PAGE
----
Amid Rapid Technological Advances, Governments Must Swiftly Counter Emerging Threat of Gender-Based Cyberviolence, Women’s Commission Hears

WOM/2141
15 March 2018
Sixty-second Session, 8th Meeting (AM)

Amid Rapid Technological Advances, Governments Must Swiftly Counter Emerging Threat of Gender-Based Cyberviolence, Women’s Commission Hears

Amid rapid technological advances, States must swiftly implement targeted efforts to stamp out new forms of gender‑based cyberviolence, from revenge porn to online bullying, the Commission on the Status of Women heard today as it continued its sixty‑second session.

Delivering a national voluntary presentation on women’s participation in information and communications technology as a driver for their empowerment, the representative of Slovakia discussed achievements and the challenges ahead.  Outlining some ongoing programmes, she provided several examples of how best to adapt to emerging threats against girls and women, especially millennials and Generation Z, who had grown up using social media.

The Commission will reconvene at 10 a.m. on Friday, 16 March, to hold interactive expert panels on several thematic topics.

National Presentation

LUBICA ROZBOROVA (Slovakia) gave a presentation on the theme “Participation in and access of women in the media and information and communications technologies and their impact on and use as an instrument for the advancement and empowerment of women”.  She said new efforts must reflect the rapid technological advancements of information and communications technology.  Growing up with social media, millennials and Generation Z had been exposed to many gender‑based elements that could be harmful, including hacking, impersonation, harassment and revenge porn.  Cyberviolence against women and girls was a recognized challenge, with recommendations for action coming from the Committee on the Elimination of Discrimination against Women and the Commission on the Status of Women.  As Slovakia had a high level of cybercrimes against women, the Government had prioritized action in several areas.  Initiatives aimed at combating media stereotypes, increasing girls’ participation in information and communications technology fields and launching campaigns to end gender‑based cyberviolence.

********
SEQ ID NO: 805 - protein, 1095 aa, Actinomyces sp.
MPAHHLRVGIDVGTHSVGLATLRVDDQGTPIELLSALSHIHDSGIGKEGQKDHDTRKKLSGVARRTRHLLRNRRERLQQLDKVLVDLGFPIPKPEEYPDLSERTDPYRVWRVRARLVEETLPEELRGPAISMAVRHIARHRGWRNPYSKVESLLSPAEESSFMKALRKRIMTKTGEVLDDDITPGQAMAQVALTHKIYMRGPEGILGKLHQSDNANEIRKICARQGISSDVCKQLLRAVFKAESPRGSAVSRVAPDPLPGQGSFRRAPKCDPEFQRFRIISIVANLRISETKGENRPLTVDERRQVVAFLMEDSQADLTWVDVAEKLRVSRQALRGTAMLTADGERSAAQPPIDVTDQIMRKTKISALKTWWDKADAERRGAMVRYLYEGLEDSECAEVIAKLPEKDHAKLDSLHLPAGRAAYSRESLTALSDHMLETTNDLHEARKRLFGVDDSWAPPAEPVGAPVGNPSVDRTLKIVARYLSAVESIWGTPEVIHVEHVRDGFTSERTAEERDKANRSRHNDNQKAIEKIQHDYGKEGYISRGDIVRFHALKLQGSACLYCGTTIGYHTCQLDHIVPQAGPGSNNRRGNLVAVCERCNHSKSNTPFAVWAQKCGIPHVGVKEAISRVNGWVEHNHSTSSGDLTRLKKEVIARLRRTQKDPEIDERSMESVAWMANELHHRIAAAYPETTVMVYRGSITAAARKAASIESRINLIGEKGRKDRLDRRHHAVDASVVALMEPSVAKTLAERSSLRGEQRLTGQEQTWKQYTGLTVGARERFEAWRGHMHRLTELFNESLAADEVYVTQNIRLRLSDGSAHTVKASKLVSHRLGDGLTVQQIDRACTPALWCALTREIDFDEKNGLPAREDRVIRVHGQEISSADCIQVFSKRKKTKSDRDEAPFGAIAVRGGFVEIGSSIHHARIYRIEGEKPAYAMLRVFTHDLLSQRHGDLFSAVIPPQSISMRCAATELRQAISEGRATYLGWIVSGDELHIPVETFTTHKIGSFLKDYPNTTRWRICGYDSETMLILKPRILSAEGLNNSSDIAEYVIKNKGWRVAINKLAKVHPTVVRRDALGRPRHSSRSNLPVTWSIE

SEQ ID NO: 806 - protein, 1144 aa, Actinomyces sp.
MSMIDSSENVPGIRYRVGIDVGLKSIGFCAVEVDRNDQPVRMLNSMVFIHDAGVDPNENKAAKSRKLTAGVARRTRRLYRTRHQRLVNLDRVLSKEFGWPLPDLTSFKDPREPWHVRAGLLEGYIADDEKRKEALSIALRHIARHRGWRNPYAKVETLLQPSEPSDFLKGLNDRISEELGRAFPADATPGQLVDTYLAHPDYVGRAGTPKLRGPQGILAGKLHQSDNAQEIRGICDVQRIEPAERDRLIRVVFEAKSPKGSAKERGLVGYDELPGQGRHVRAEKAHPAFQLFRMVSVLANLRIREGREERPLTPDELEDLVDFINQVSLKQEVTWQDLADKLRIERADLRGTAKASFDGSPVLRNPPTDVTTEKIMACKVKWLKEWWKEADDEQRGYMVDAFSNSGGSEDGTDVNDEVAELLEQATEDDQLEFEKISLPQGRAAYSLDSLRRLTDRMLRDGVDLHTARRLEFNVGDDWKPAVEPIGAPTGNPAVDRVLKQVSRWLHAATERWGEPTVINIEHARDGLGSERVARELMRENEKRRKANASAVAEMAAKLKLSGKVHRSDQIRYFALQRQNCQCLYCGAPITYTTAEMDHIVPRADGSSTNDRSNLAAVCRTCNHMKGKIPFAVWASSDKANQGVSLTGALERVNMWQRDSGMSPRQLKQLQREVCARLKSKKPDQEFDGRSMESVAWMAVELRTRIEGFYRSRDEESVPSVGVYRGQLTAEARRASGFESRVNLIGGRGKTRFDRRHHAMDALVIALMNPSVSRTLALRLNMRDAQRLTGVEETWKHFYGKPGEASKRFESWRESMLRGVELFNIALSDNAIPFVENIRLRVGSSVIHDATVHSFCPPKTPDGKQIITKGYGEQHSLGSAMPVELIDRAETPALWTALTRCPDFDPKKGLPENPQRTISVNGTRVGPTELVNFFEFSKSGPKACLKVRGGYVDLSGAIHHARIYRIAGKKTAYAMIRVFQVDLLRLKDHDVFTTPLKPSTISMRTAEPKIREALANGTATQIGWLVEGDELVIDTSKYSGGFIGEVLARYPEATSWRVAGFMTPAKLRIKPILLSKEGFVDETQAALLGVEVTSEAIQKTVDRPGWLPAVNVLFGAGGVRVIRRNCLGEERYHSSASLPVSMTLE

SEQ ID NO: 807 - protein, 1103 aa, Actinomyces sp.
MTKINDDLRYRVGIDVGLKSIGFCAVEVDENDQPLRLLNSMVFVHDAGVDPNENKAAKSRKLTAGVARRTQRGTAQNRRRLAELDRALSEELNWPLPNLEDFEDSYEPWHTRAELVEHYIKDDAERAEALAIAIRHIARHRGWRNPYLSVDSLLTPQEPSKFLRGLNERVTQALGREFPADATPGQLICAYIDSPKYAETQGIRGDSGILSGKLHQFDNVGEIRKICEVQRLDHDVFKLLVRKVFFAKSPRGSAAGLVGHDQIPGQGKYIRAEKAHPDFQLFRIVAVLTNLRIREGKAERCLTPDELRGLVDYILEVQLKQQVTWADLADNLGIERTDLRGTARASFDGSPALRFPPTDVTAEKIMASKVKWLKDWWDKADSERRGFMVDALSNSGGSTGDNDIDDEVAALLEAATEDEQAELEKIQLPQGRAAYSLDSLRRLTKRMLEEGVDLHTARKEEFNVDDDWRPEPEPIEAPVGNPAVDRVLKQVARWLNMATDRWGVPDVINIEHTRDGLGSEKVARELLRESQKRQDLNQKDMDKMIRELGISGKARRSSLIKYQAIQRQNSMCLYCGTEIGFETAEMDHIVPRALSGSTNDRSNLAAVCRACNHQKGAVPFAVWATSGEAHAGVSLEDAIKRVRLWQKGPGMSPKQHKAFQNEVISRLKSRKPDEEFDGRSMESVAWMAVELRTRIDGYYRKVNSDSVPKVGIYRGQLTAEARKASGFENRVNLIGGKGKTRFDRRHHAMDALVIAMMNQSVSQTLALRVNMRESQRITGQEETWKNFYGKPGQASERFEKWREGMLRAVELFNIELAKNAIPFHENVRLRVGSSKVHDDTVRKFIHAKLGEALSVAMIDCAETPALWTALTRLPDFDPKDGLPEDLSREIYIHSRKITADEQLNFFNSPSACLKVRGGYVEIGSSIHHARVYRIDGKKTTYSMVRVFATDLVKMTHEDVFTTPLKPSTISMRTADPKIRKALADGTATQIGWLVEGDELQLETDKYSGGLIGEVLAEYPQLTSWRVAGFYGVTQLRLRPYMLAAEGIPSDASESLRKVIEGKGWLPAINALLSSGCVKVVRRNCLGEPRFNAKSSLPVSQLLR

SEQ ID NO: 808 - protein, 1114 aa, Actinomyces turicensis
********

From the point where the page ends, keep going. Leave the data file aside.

The representative of the Netherlands asked in what way Slovakia ensured participation of women in the media.

The representative of Brazil asked what kind of activities existed in Slovakia to eliminate sexism in the media.

OLGA PIETRUCHOVA (Slovakia) said a database of female experts across professions had been created to facilitate journalists in finding women to comment in media stories.

Ms. ROZBOROVA said awareness‑raising efforts were key, describing an “anti‑award” that had been established to identify advertisers using the most sexist images or behaviours.

The representative of Mali, outlining her country’s efforts to develop women’s capacity in information and communications technology fields and the media, said challenges included lack of access to finances.

For information media. Not an official record.